Art Museum Though no longer free it is still one of
best museums in town. Unfortunately, it is not on the normal
tourist path as it's on the north side of town and doesn't promote
itself sufficiently to the tourist clientele. It's within a few
blocks of my home and is a favorite spot for bride's wedding
photos. Come early some weekend morning and you will find several
ladies in white accompanied by their attendants being photographed on
the grounds. The museum building is originally the home of Mrs.
Marion Koogler McNay who died in 1950. Situated on 23 acres the
museum is host of frequent distinguished lecturers. You will like
the art, the home and the grounds.
There must be a new trend in museum attendance late into the evenings.
The McNay now has a closing time of 9pm on Thursday evenings.
Now that's pretty late.
6000 N. New Braunfels Ave.
Gallery:Tue-Fri 10am-4pm; Thu to 9pm; Sat 10am-5pm; Sun noon-5pm; Grounds: daily
Take Bus Route 14, can combine with
Route 7 for other sites
of Texan Cultures If you're going to pay to see any
museum, this is the one you need to go to. It's not your typical
museum, it's more a cultural museum of the 26 different ethnic and
cultural groups that comprise Texas. I find it very interesting
and difficult to do justice to in a brief trip, but well worth the try.
100yds from the Tower of America's
801 S. Bowie St.
Tues-Sat 10am-6pm; Sun noon-5pm
Adm: $4 child-$7.00 adult
Museum of Art A fine museum housed in an old brewery
building about a mile north of downtown. Recognized as having a
premier collection of hispanic art both ancient and modern. This
in addition to a prized oriental collection and contemporary art.
200 W. Jones Ave.
Tues 10am-8pm; Wed-Sat 10am-5pm; Sun noon-6pm
Third Thur. of mo. open till 8pm
FREE Tues 4pm-8pm
Take Bus Route 7
Museum Located on the northeast edge of Brackenridge
Park along Broadway St. the museum backs up to the San Antonio
River. An extremely little known fact is that the old
"mother" irrigation canal that ran behind the Alamo starts
just on the north side of the museum issuing from the river. It
looks just like a rock walled drainage ditch and normally you wouldn't
give it a moments notice. But this ditch, or canal, was dug by
hand from this point all the way (about 6 miles) to the Alamo and
several miles beyond. There is no historical marker there and
unless you read it here you would never know. Of course, the 6
miles of irrigation ditch is now covered up and only one small piece of
it exists, that I know of, on private property.
But to get back to the museum, it was founded in 1925 by an energetic
Mrs. Ellen Quinllin who started it with a bequest of $65,000 from Mr.
Alfred G. Witte, a barber, who made the stipulation that the museum had
to be built within Brackenridge Park. The museum houses
predominately a miscellany of Texas/Natural History items. Housed
on the grounds are several historic buildings that were moved there: the
Francisco Ruiz house (believed to be from before 1765, it was home of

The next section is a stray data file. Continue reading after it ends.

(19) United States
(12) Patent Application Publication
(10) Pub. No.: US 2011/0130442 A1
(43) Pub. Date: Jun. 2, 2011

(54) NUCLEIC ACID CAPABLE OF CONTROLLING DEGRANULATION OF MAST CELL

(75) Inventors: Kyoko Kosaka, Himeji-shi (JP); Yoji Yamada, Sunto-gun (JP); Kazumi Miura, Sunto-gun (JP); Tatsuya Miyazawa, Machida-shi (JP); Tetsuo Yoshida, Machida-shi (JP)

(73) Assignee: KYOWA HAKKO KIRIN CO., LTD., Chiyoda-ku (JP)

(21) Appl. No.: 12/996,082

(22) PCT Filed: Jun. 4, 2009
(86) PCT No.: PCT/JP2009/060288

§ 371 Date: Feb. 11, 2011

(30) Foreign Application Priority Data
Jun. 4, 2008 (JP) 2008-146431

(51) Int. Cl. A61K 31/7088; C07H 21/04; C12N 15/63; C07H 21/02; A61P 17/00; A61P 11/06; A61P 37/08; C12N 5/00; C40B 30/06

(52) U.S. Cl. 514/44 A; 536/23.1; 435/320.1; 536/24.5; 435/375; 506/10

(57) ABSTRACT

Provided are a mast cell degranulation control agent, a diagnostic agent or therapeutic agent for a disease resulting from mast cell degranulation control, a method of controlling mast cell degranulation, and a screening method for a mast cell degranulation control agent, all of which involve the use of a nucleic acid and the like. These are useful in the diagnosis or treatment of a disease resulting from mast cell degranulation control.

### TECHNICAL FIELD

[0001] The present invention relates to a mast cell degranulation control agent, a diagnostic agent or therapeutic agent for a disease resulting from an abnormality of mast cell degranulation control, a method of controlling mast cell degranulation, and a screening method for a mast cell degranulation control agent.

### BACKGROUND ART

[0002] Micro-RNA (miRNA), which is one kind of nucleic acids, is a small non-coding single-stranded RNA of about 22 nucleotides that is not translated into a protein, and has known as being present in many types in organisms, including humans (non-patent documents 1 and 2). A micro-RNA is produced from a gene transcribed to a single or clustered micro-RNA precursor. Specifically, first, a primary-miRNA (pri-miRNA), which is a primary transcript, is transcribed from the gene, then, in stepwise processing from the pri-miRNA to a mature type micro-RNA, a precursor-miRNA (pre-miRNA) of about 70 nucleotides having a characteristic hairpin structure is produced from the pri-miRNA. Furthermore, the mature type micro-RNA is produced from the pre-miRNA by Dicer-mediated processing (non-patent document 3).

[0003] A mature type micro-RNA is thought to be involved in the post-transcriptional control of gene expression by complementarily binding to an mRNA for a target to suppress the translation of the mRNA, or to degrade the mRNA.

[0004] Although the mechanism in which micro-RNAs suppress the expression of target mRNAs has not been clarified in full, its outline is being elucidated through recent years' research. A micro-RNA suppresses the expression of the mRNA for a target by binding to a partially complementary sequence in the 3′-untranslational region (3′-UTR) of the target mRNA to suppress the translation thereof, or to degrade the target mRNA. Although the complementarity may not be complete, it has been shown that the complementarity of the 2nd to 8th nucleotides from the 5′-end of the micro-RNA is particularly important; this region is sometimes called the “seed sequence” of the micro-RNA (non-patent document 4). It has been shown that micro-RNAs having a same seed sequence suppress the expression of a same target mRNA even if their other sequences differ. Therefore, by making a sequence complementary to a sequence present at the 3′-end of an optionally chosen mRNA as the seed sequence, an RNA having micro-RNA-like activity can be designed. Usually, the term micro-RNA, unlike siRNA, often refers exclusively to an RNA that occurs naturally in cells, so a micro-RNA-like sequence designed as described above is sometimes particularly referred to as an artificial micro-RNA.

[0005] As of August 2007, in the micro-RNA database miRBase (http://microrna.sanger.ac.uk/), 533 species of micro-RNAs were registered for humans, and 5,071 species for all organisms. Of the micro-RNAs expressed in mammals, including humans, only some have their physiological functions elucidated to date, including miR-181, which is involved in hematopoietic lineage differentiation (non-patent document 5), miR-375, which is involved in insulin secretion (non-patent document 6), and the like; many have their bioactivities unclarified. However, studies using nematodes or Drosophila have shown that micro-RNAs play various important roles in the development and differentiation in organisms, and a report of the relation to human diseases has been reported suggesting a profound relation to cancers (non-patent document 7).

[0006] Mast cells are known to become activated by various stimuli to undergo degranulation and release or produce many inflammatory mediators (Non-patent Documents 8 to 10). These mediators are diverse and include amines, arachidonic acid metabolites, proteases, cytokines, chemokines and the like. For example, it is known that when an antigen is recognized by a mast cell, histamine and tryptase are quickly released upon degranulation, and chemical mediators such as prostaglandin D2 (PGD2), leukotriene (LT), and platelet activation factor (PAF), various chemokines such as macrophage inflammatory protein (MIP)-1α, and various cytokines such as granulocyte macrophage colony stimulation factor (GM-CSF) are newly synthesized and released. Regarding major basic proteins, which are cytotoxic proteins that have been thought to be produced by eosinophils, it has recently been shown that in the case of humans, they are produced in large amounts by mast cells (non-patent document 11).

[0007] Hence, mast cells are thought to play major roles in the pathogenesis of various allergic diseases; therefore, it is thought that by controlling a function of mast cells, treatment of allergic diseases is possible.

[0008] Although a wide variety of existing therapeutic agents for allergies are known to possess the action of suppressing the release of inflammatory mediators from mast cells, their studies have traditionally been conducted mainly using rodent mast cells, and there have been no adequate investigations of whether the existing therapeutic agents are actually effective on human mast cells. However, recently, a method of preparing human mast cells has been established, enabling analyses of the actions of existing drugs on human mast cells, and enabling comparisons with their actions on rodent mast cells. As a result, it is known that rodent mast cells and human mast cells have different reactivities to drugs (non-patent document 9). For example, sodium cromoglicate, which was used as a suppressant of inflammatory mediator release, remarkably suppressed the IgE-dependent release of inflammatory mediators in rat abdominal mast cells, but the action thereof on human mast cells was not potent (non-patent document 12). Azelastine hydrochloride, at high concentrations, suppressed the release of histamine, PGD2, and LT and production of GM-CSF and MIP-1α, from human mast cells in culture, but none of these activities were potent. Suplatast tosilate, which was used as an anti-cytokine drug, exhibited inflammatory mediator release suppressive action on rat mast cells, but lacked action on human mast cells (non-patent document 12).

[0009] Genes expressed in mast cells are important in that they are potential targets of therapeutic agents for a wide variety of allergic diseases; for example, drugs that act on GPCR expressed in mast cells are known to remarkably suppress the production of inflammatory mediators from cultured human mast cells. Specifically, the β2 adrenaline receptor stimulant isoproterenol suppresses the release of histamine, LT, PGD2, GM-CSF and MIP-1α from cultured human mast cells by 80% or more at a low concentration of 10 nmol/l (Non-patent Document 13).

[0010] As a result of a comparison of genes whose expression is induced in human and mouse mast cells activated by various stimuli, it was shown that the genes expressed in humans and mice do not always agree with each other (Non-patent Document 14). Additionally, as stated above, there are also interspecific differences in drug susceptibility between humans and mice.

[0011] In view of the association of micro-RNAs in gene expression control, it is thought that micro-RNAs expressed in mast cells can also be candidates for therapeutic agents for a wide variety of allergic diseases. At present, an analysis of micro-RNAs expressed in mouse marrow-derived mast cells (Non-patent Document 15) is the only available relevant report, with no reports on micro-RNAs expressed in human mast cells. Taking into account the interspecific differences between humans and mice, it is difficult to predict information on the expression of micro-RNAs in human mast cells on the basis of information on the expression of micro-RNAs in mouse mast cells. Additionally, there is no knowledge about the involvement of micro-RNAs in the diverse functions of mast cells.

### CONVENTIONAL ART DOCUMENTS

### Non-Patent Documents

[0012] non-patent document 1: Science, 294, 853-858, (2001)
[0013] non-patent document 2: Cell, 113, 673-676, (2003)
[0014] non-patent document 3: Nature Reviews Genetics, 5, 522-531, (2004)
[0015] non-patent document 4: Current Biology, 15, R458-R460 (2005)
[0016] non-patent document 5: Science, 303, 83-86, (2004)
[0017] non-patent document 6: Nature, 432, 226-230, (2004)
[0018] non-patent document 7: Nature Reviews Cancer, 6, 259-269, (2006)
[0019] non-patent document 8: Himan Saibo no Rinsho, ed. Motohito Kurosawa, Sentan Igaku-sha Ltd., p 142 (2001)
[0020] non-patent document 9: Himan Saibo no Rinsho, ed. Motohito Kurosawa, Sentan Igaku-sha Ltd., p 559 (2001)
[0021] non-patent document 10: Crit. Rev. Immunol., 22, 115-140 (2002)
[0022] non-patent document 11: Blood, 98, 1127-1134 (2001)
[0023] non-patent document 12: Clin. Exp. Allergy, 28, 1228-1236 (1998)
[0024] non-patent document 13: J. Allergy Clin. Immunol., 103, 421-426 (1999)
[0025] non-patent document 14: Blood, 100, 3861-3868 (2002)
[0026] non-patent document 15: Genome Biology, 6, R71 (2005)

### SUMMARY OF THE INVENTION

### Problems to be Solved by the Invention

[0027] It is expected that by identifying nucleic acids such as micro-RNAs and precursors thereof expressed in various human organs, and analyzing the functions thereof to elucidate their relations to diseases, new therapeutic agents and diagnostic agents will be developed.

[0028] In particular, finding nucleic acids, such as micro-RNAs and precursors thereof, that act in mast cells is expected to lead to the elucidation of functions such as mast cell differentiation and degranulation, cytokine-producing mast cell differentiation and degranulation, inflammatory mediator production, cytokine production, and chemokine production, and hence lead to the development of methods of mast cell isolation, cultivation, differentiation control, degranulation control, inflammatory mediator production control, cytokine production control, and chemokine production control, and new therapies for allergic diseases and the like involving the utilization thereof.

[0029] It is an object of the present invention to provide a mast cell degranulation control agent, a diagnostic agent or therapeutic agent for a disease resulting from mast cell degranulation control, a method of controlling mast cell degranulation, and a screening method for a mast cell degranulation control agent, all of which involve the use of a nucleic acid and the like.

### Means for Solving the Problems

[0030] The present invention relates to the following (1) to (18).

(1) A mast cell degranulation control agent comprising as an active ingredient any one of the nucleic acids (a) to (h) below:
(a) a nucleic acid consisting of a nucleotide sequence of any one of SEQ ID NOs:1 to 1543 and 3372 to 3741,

one of the signers of the Texas Declaration of Independence, 1836) and
the John Twohig house (a prominent citizen). John Twohig destroyed his
store on Main Plaza in 1842 when the Mexican army again invaded
Texas. This a precursory action that was in several years to lead
to the War with Mexico.
Mon, Wed-Sat 10am-5pm; Tue 10am-8pm; Sun noon-5pm
FREE Tues 3-8pm
Take Bus Route 7
affiliate of the Smithsonian Institution This is our newest museum and
how proudly I write that it is affiliated with the prestigious Smithsonian
Institution. Now the bad part. It is not worth visiting.
At least at the moment. Dedicated to showcasing the mexican-american
influences upon our nation it is dreadfully inadequate, unsatisfying and
embarrassing in its attempt. Don't waste your time. But it did
get good press. Here's the
New York Time's critical assessment.
(101 S. Santa Rosa)
Tue-Sun 10am-6pm;Wed close at 8pm; Sun open at noon. Closed Mondays
The above are the primary museums that I consider one should see
first before any others. Of course, we wouldn't be caught dead
without an entire tier of other museums, from exemplary down to
"what was that all about". The following are some other
choices for your consideration, just in case you are desperate for
something to do.
445 N. Main Ave.
An incubator for artists. ArtPace sponsors nine artists annually
to two month residencies providing support for the artist allowing them
to engender new art ideas. The museum normally has at least two
exhibits of recent artists in residence.
Star Contemporary Art Center
Building C, Blue Star Arts Complex
1400 S. Alamo St.
Looks better on paper than in reality. Very contemporary art.
Instituto de Mexico
600 Hemisphere Plaza Way
It's been years since I've been there. Last choice.
Antonio Art League
130 King William St.
Very small art museum focused on Texas artists. In the King William area.
School of Art & Craft
300 Augusta St.
An historic set of buildings worth seeing just for
themselves. It's more school than a museum. Offers all types
of art education: jewelry making, paper making, sculpting, painting,
photography, pottery, weaving, etc.